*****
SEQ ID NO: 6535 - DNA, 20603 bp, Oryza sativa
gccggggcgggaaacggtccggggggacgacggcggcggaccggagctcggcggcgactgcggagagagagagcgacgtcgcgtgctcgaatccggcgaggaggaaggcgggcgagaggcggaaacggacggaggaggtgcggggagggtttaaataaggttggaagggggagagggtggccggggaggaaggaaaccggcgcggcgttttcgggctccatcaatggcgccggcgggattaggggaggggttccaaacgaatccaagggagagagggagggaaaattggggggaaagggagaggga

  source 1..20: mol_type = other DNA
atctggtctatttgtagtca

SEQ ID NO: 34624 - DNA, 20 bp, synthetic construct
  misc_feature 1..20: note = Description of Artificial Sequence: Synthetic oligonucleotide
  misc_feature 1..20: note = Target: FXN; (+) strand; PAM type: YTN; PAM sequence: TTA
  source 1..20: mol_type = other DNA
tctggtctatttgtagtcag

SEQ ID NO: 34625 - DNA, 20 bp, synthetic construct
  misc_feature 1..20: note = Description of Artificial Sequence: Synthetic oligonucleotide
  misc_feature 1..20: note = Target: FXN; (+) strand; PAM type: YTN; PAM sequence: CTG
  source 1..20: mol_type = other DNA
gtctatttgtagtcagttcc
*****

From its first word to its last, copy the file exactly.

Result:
SEQ ID NO: 6535 - DNA, 20603 bp, Oryza sativa
gccggggcgggaaacggtccggggggacgacggcggcggaccggagctcggcggcgactgcggagagagagagcgacgtcgcgtgctcgaatccggcgaggaggaaggcgggcgagaggcggaaacggacggaggaggtgcggggagggtttaaataaggttggaagggggagagggtggccggggaggaaggaaaccggcgcggcgttttcgggctccatcaatggcgccggcgggattaggggaggggttccaaacgaatccaagggagagagggagggaaaattggggggaaagggagaggga

  source 1..20: mol_type = other DNA
atctggtctatttgtagtca

SEQ ID NO: 34624 - DNA, 20 bp, synthetic construct
  misc_feature 1..20: note = Description of Artificial Sequence: Synthetic oligonucleotide
  misc_feature 1..20: note = Target: FXN; (+) strand; PAM type: YTN; PAM sequence: TTA
  source 1..20: mol_type = other DNA
tctggtctatttgtagtcag

SEQ ID NO: 34625 - DNA, 20 bp, synthetic construct
  misc_feature 1..20: note = Description of Artificial Sequence: Synthetic oligonucleotide
  misc_feature 1..20: note = Target: FXN; (+) strand; PAM type: YTN; PAM sequence: CTG
  source 1..20: mol_type = other DNA
gtctatttgtagtcagttcc